Pure English Essay

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English purists study and theorize how English would sound without any foreign influence. English was and is a Germanic based language, but has over its lifetime bred with non-Germanic languages to create Modern English. “Pure” English is what English would sound like without the foreign influence, which includes any non-Germanic tongue, and purists pursue this for a variety of reasons. Regardless of why purists study “pure” English, the influence and change of English is best studied by looking into its changes over time and identifying which languages influenced it most. A major change in the English language was the influence made on Middle English following the year 1066, the year of the Norman Conquest of England. Purists often concern …show more content…
Edward received assistance from the Normans, and throughout his rule there was an increasing Norman political influence. When Edward died, Duke William of Normandy quickly invaded England and seized the empty throne (Brown 5-6). The Battle of Hastings was quick and the momentary; the majority of the “invasion” was done politically and without bloodshed. The majority of Norman immigrants were rulers and nobility and not commoners (Brown 3). The Norman rulers primarily spoke Anglo-French, and few could speak English well, if at all. Thus the administration spoke Anglo-French, and Anglo-French became the language associated with the nobility and ruling class. Prior to the Norman Conquest, Latin was the language of the learned, and Loyn details that the priests that spoke mostly English were described as “rustic” while those that understood Latin were “uplandish” (Loyn 3). However after the conquest, educated men pursuing recognition would speak in Anglo-French. When Anglo-French gained popularity as the sophisticated language it started being used in trade (Loyn 4). Immediately following the Conquest, English was the language of literature, Latin was the language of law, but in the next two hundred years Anglo-French replaced English and Latin as the language of literature and …show more content…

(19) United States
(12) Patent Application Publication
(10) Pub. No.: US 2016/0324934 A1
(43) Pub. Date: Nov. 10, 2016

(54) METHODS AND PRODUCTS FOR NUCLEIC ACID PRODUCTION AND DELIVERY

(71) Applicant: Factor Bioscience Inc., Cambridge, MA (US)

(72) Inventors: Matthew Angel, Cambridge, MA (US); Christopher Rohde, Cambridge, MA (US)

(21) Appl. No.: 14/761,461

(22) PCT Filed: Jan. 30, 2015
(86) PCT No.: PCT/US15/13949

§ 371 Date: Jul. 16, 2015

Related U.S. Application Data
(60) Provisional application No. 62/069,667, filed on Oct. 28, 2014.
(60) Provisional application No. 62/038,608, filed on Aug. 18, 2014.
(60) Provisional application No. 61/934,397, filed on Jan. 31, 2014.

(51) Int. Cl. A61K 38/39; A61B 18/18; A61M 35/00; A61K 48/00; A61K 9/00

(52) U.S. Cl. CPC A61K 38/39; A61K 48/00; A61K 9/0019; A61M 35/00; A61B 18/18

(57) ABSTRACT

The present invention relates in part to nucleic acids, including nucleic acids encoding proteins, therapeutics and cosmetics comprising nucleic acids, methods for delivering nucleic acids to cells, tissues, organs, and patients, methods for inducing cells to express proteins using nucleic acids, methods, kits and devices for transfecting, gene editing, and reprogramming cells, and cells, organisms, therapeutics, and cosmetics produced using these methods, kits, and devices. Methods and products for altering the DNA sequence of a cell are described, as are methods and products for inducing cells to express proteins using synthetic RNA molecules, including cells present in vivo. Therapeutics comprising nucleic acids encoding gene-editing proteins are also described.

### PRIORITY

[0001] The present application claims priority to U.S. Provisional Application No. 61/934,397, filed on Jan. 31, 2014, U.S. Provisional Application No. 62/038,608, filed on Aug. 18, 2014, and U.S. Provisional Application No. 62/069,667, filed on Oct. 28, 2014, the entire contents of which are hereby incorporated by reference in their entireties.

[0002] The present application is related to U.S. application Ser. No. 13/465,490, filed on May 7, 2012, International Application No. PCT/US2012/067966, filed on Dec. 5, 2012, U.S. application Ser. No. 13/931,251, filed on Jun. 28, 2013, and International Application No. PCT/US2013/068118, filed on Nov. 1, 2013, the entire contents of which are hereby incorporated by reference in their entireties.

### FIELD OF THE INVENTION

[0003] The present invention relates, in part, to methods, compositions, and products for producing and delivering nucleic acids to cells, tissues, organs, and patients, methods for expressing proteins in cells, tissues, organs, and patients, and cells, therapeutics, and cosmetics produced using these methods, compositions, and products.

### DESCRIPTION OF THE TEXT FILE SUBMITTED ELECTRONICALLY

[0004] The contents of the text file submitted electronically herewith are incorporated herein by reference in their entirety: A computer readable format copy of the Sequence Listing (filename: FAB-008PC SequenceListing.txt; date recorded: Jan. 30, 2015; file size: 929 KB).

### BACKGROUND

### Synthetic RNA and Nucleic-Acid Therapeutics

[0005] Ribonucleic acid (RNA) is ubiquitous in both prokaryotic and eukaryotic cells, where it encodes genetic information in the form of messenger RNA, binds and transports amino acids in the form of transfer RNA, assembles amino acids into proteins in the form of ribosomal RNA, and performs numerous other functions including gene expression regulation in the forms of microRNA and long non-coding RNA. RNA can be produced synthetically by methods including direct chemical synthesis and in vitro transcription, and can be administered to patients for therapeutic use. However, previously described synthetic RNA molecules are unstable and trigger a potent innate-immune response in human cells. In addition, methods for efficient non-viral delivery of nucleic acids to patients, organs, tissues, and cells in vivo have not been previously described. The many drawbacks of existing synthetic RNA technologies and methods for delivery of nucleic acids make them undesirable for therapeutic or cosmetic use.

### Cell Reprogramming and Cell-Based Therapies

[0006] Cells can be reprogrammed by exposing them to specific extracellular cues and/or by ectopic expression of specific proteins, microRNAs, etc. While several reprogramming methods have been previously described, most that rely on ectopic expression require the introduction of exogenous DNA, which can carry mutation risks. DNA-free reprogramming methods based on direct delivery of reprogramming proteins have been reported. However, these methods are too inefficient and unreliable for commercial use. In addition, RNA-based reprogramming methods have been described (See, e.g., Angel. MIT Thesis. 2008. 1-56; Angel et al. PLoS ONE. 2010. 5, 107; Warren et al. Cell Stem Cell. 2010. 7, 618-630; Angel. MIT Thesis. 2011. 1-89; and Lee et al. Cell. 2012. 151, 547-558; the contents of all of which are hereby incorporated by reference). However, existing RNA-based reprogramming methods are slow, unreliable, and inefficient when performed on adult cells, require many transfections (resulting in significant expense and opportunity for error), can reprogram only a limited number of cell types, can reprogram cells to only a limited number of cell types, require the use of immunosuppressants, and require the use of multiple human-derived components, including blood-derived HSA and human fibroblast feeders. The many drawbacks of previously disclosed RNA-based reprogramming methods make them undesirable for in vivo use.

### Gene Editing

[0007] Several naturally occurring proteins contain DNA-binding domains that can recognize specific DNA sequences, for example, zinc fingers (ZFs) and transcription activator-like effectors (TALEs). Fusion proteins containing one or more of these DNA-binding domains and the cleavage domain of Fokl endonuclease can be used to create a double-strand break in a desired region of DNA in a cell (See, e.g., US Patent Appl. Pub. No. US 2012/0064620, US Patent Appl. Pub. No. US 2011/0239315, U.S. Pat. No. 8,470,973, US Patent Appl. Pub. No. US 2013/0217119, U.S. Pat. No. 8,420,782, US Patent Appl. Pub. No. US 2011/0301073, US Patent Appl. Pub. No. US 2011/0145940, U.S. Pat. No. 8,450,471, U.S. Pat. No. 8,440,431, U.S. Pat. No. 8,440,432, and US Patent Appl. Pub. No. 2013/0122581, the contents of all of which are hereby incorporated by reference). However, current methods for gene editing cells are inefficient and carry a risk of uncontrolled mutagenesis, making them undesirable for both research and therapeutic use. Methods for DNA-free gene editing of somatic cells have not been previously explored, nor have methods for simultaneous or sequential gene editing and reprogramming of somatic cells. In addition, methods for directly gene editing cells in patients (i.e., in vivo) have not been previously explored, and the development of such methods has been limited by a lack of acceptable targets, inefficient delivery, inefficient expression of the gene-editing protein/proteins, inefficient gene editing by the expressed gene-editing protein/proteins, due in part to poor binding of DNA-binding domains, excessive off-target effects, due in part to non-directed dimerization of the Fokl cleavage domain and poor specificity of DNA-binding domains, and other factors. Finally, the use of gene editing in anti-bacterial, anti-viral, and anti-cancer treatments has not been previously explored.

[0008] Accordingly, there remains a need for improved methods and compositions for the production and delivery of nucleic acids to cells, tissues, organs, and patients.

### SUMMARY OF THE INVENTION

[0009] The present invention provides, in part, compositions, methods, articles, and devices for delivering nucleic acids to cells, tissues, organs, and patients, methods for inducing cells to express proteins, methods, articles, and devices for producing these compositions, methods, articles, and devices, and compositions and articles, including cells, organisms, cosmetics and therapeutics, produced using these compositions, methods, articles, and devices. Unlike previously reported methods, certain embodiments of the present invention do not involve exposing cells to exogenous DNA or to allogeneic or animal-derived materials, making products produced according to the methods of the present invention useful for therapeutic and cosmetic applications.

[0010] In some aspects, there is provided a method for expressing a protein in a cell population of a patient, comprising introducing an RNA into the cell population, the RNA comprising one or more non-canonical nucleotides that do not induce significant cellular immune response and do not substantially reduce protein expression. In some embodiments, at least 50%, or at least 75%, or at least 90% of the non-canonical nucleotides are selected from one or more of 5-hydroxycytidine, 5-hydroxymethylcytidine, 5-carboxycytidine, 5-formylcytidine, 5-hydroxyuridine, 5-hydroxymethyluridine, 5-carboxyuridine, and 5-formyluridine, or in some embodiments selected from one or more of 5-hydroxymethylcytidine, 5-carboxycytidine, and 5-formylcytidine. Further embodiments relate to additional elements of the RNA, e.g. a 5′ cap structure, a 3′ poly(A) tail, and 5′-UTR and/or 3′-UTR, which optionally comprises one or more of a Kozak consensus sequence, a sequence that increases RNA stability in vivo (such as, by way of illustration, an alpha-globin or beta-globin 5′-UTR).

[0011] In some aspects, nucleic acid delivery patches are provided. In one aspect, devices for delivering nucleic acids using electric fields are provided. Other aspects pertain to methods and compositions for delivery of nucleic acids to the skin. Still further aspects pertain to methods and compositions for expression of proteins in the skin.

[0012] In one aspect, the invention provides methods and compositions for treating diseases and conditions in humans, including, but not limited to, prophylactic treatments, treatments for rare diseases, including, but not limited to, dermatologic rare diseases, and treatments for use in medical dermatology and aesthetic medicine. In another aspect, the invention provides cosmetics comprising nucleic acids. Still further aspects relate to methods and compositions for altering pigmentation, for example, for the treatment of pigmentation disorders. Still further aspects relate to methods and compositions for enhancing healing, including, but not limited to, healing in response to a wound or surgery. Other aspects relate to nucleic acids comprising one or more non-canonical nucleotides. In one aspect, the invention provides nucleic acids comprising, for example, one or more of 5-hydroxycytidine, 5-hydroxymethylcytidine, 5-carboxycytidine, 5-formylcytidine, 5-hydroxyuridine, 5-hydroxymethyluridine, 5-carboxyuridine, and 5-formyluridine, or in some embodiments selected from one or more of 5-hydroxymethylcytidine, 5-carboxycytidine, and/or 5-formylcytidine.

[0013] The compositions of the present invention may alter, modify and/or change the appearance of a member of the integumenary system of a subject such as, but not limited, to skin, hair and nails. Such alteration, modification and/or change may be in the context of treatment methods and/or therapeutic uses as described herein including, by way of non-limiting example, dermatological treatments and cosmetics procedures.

One of the largest contributions of French into English is the affixes. Affixes are “mini-words” that are tacked on the beginning, prefixes, or end, suffixes, to give a word a slightly different meaning, such as the suffix -ing changing the verb drive into the action of driving. An example is the Anglo-French suffix –ure¬, which is similar to the already present –ing because it changes a verb into an action. An example of this suffix is the Anglo-French word departure, the act of departing (Rothwell 146). More examples of affixes include ¬–ment, -able, -ance (Roth 257). These affixes are not only used on loanwords from French, but also by compounding them with borrowed words. Two examples are the French word cover combined with the Old-French –age¬ to make coverage, and the Latin involve with the French –ment added to make involvement (Roth 257-258). The use of affixing and compounding add words to the English vocabulary, but words are also added through adoption or

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